At the UK Scoliosis clinic, we specialise in Scoliosis Bracing – Scoliosis Bracing is a non-surgical treatment for scoliosis, which involves the detailed design and manufacture of a specialised, wearable brace which, over time, gently opposes the scoliotic curve in the spine, and works to guide it back towards a normal alignment.

Once upon a time (not too long ago), it was thought that scoliosis could not be stopped – that is to say, it was accepted that the curve would just continue to develop until, eventually, surgery was required to correct the deformity. Sadly, this approach is still recommended by some practitioners – who do not seem to be aware of the preventative and non-surgical corrective options available today.

The results achievable through modern bracing are however, impressive – to sample just a few studies, recent findings show that specialised scoliosis bracing when prescribed for high-risk patients, has been shown to prevent the need for surgery in most cases[1], that, overall, bracing is an effective treatment method for AIS cases, characterized by positive long-term outcomes[2] and even that conservative treatment with a brace is highly effective in treating juvenile idiopathic scoliosis, with most patients reaching a complete curve correction[3]

What’s more, part-time bracing in adults significantly reduces progression of curvatures and improves the quality of life[4], and results suggest that bracing can even be “boosted” through complementary approaches – for example, specialised scoliosis physiotherapy (SEAS), when used in conjunction with bracing, has been shown to improve overall results[5]

There are many reasons to consider bracing as your primary treatment approach if you’re a scoliosis sufferer – however, in order to reap these benefits, it’s vital that you use a specialized, customized scoliosis brace.


This is not a scoliosis brace!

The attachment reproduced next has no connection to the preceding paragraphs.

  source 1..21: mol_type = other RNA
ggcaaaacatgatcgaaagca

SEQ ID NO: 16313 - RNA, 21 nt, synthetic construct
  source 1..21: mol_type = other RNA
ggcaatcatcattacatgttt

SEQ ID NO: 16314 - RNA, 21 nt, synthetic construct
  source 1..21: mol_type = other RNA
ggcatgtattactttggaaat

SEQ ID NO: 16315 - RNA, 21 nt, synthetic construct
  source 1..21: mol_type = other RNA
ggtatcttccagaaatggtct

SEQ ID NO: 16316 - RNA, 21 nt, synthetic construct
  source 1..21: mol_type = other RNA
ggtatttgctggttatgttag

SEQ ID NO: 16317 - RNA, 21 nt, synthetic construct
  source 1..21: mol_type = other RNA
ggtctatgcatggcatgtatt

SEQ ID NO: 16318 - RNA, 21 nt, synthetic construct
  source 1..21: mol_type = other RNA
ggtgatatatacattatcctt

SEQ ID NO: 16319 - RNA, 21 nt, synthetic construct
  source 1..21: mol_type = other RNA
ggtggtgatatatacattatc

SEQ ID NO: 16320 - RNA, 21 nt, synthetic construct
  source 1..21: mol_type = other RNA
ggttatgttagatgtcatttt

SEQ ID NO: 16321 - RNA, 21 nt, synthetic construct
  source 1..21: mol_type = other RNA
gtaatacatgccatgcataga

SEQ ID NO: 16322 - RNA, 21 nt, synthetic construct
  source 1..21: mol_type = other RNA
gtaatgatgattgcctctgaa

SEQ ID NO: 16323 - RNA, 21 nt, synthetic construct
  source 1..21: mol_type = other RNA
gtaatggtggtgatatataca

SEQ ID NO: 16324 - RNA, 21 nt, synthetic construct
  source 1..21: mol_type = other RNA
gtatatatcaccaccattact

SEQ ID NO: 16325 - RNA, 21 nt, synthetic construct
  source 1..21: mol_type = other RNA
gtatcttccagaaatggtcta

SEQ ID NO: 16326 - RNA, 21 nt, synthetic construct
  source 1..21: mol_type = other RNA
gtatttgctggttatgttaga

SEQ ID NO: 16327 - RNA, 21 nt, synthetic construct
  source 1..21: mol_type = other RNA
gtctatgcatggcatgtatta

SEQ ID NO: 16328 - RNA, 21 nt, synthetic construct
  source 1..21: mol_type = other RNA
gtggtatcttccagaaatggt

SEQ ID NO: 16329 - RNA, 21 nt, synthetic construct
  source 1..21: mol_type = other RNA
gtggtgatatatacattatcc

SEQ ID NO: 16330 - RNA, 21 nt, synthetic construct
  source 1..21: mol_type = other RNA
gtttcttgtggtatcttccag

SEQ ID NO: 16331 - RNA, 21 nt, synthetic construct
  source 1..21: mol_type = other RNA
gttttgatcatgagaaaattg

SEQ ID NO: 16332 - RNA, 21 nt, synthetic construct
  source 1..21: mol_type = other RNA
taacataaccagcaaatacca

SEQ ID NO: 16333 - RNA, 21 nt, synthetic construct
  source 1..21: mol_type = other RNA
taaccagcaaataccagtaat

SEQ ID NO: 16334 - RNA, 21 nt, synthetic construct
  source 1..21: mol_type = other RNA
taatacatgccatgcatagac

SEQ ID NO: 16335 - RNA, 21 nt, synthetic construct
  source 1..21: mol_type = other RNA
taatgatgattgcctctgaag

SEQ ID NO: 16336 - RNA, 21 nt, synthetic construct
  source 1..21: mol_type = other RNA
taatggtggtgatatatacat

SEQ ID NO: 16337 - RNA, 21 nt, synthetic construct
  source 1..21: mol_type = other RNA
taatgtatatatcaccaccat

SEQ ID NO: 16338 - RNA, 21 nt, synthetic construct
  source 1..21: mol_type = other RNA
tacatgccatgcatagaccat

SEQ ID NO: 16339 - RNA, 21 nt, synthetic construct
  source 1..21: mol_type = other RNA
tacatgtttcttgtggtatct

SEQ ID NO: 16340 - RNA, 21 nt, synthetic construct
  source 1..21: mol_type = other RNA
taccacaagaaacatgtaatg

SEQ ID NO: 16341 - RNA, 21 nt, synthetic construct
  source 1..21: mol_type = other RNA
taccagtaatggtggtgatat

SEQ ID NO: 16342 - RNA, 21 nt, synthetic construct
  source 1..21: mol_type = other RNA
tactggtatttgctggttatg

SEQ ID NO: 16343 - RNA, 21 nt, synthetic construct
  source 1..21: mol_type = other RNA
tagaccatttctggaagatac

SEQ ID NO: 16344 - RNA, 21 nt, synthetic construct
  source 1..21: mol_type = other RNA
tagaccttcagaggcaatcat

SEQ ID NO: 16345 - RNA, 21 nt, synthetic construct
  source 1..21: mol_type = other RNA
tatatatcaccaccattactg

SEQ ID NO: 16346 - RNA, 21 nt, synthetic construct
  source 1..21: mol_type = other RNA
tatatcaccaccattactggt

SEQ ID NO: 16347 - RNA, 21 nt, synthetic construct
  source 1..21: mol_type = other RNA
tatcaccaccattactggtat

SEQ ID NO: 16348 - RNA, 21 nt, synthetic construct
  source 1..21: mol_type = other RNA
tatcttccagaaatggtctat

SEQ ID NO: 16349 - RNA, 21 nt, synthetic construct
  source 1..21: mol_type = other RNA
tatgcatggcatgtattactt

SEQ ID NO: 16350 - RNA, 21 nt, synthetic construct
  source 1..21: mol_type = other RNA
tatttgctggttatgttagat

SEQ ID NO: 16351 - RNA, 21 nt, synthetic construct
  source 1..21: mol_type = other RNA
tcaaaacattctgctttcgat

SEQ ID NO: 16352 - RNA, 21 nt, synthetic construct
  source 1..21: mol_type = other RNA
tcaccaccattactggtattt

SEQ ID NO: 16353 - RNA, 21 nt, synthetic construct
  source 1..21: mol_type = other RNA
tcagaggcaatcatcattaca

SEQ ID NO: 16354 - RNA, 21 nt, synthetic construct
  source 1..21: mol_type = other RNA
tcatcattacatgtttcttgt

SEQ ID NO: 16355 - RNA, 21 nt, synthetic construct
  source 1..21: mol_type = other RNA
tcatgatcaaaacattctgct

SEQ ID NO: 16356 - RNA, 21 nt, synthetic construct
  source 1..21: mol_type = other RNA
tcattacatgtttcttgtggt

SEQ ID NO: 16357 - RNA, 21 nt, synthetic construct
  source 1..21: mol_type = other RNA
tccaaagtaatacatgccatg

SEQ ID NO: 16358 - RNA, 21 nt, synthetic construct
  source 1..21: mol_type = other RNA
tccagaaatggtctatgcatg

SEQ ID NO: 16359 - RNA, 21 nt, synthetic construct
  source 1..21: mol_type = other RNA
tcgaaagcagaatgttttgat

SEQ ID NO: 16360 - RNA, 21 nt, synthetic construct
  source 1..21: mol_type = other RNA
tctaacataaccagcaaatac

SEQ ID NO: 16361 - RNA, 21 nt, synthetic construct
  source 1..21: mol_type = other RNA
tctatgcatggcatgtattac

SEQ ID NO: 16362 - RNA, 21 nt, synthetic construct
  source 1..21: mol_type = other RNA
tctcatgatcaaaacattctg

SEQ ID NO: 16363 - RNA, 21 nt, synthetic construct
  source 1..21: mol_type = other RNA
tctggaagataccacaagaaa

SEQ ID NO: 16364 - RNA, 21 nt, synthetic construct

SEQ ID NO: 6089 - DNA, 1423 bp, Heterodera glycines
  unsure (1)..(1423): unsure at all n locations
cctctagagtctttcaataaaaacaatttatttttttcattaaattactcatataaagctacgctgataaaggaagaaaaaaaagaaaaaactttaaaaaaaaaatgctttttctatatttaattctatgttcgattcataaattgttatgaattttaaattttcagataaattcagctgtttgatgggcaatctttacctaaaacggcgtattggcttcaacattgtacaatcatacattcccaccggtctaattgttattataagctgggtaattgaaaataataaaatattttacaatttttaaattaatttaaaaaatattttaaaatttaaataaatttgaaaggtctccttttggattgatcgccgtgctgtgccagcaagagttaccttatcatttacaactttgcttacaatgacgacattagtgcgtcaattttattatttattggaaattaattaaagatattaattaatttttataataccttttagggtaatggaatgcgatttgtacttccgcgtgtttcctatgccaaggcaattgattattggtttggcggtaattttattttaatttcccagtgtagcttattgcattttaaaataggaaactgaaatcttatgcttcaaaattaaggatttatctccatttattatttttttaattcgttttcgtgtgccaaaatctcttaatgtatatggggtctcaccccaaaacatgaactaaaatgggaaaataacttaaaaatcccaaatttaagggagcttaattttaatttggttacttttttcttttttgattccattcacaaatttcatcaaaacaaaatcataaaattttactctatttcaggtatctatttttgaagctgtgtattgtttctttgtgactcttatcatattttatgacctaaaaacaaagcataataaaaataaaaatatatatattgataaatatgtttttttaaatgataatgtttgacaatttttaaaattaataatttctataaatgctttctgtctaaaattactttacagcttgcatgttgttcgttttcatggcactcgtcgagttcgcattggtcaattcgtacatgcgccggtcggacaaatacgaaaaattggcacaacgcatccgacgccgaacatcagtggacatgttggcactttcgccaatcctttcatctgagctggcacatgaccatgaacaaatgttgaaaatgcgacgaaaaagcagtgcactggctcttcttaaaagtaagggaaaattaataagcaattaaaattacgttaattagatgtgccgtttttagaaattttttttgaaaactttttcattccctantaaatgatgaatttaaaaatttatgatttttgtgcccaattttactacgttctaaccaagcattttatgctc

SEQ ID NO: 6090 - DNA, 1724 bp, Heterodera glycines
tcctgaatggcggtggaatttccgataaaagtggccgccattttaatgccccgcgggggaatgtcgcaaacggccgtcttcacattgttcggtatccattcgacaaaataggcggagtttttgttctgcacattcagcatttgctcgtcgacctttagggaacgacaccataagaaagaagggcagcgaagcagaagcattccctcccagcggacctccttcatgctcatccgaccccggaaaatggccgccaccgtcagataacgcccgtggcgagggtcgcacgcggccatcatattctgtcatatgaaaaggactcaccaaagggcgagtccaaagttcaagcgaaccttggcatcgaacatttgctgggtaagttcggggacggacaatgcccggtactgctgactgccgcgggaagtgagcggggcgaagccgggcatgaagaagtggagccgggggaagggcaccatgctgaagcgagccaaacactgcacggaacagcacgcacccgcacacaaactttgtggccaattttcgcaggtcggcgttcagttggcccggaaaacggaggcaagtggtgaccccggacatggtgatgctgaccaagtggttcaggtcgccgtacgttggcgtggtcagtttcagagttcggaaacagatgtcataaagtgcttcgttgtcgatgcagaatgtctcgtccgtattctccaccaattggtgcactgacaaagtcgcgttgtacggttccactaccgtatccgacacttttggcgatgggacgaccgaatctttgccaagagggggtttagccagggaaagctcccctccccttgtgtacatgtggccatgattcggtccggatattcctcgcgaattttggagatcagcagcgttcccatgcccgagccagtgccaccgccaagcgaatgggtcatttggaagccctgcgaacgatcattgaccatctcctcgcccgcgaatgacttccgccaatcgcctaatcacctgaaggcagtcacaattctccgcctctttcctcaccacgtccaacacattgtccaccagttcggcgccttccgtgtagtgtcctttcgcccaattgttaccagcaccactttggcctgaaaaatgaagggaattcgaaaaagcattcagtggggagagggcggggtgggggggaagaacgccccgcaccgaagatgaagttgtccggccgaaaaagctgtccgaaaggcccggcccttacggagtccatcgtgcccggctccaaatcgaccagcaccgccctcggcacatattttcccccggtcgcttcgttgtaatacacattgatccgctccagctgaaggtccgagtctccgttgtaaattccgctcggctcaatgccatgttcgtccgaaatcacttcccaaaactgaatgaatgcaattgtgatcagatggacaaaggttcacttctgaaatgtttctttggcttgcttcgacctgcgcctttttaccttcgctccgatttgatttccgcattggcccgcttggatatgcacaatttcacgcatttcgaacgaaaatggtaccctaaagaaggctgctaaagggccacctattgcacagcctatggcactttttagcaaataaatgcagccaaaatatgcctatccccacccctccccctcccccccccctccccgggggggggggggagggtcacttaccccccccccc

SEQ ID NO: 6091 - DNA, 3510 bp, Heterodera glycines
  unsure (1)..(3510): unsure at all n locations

It cannot be stated clearly enough that the above studies all relate to medical-grade TSLO over corrective braces – that is to say, specially designed braces that are customized for the patient and their exact spinal condition. What’s more, these are braces that are fitted, designed, monitored and adjusted by Scoliosis professionals at every stage of the process.

As you may guess, this means braces are not cheap – even the most basic in this category cost over £1000 per brace  – this is still far cheaper than surgery and compares favourably with a course of exercise-based treatment – but it’s certainly not an inexpensive item.

It’s probably for this reason that every more products which market themselves as a “scoliosis brace” are appearing on Amazon, eBay and our other favourite shopping sites. It’s critical to realise that these offerings are not even close to the type of brace required for the results discussed above – and in some case, they may cause more harm than good.

These so-called “braces” are (see example right) are very often just posture supports, which may have some marginal benefit for those with a normal spine, but could, in fact, worsen a scoliosis case.


THIS is a scoliosis brace

A genuine scoliosis brace (see ScoliBrace right) is of rigid construction, which while still ergonomic, is able to gently apply pressure to the spine, in opposition to the curve. This means that gentle pressure is exerted in the direction the spine needs to correct, and only in this direction. This is the fundamental mechanism of a scoliosis brace- hence it should be obvious that a fabric-based “support” possesses none of the qualities required for scoliosis correction.

It is not the purpose of this article to single out any individual product, nor are we saying that “soft” supports have no use in spinal care – quite the opposite, however, if you are using a “Scoliosis brace” which you have not obtained through a specialist clinic, we would strongly advise you to discontinue use and seek a professional consultation.




[1] Weinstein et al DOI: 10.1056/NEJMoa1307337

[2] Aulissa et al,  https://doi.org/10.1186/s13013-017-0142-y

[3] Aulisa et al, DOI: 10.1186/1748-7161-9-3

[4] Palazzo et al, DOI: 10.1016/j.apmr.2016.05.019

[5] Negrini et al, DOI:10.1186/1471-2474-15-263